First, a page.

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Posts Tagged ‘ardhanari’

There are some sculptures that imprint themselves into your memory - this androgyne was one such. From the moment i chanced on the picture of him/her i could never take my eyes of the beauty of this sculpture.

vridhagirisvarar vriddachalam

I had used it to show the refinement of the Ardhanari image post - little did I realise then that the beauty had been robbed !!

Readers must have read the post on the Sivapuram Somaskanda and it was with great interest that i read today’s Hindu article of the Australia Nataraja. Interestingly there was a mention of the site Chasing Aphrodite in the article as source for the images. One led to another and the detailed article and the Ardhanari begun to haunt me - vaguely familiar !!

220.2004##S

It is quite interesting that the Museum records show the following proofs for its Provenance

aradhanareshwara-prov
ardhanarishvara-receipt

Quote: Ardhanarishvara

In 2004, the Gallery purchased this Chola-period sculpture from Kapoor for more than $300,000. The 44-inch stone figure represents Ardhanarishvara, the androgynous form of Shiva and Parvati. It comes from Tamil Nadu, home to some 2500 important temples to Shiva. The image of Ardhanarishvara was likely in a niche on an external wall.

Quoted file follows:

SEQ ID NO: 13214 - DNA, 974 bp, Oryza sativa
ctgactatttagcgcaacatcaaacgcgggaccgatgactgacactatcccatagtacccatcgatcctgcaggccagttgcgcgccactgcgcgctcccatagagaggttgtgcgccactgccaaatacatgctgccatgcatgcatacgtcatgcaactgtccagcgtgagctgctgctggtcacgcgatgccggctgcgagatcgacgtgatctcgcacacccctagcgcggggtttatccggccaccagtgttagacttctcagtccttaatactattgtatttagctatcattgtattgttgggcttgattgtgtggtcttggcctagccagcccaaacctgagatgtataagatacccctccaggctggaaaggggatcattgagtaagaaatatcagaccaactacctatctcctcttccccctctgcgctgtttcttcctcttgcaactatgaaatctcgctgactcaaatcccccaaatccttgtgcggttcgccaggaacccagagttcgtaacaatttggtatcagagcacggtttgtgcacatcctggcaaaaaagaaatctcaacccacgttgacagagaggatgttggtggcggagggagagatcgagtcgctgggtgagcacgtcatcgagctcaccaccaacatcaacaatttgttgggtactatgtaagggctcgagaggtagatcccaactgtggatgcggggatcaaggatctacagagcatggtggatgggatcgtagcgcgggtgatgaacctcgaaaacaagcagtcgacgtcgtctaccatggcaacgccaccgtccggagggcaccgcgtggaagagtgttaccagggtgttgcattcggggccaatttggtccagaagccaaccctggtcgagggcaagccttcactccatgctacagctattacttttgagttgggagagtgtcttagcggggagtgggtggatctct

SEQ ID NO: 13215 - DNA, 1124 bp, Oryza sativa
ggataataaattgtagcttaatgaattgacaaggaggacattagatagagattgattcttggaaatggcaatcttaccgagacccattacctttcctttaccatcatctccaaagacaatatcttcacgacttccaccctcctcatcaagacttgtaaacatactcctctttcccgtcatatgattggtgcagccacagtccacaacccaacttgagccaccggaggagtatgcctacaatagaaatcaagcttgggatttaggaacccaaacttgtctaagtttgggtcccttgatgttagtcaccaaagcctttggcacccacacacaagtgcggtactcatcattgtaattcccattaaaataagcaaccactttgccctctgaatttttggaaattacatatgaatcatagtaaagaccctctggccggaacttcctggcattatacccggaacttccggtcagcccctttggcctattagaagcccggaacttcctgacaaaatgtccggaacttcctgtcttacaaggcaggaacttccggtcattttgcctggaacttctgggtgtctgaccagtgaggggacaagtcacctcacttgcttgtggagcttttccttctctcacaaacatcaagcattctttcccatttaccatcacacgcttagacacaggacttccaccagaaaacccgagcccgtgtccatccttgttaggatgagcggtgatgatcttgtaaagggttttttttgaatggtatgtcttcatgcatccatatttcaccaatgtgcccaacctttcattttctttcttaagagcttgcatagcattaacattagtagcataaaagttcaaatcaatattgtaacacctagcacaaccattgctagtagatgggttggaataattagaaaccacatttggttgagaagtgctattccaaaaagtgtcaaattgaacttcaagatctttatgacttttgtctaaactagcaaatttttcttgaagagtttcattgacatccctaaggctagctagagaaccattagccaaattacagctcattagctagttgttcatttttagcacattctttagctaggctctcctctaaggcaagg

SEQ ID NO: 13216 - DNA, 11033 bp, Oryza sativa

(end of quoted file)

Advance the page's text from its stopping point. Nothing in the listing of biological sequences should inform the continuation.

Kapoor provided two documents with the sculpture.

One is a receipt dated 1970, purportedly from Uttam Singh and Sons, the Delhi “copper and brass palace” that sold the sculpture to a private collector.

The second document purports to be a 2003 “Letter of Provenance” on letterhead from Art of the Past, Kapoor’s Madison Ave. gallery. It is signed by “Raj Mehgoub,” who claims to be the wife of a diplomat who lived in Delhi from 1968 to 1971.”

I ran back to my collections to trace the source of my reference.

Early Cola Architecture and Sculpture
; 866-1014 A.D.
Douglas E. Barrett - Published in 1974 !! intact in its Kosta in the temple !

and there in his plates is the same Kosta sculpture.

in_temple

It is pretty clear even for a layman from the slab’s outline and the detailing in the sculpture as to the origin. I hope the authorities would be able to get their act together now and work towards bringing this invaluable treasure back to the Temple.

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Not all mysteries in archeology need an Indiana Jones or a Lara Croft to make it reveal its secrets, however, if ever there was one that would even baffle them, it is the wonder that stands forgotten in the glory of the famed Murugan temple in Tirupparankundram. That the famed shrine itself is a cave temple is not common knowledge, however there exists another cave at the foothills of the same hill but a little further away to the left as you drive around it.

The main cave face.

cave_face

The first and foremost is the date assignable to the original excavation. The rather plain bulky set of two pillars and pilasters (half pillars) combined with the lack of any artistic fluting on their corbels help us to assign an early 8th C CE date to the cave.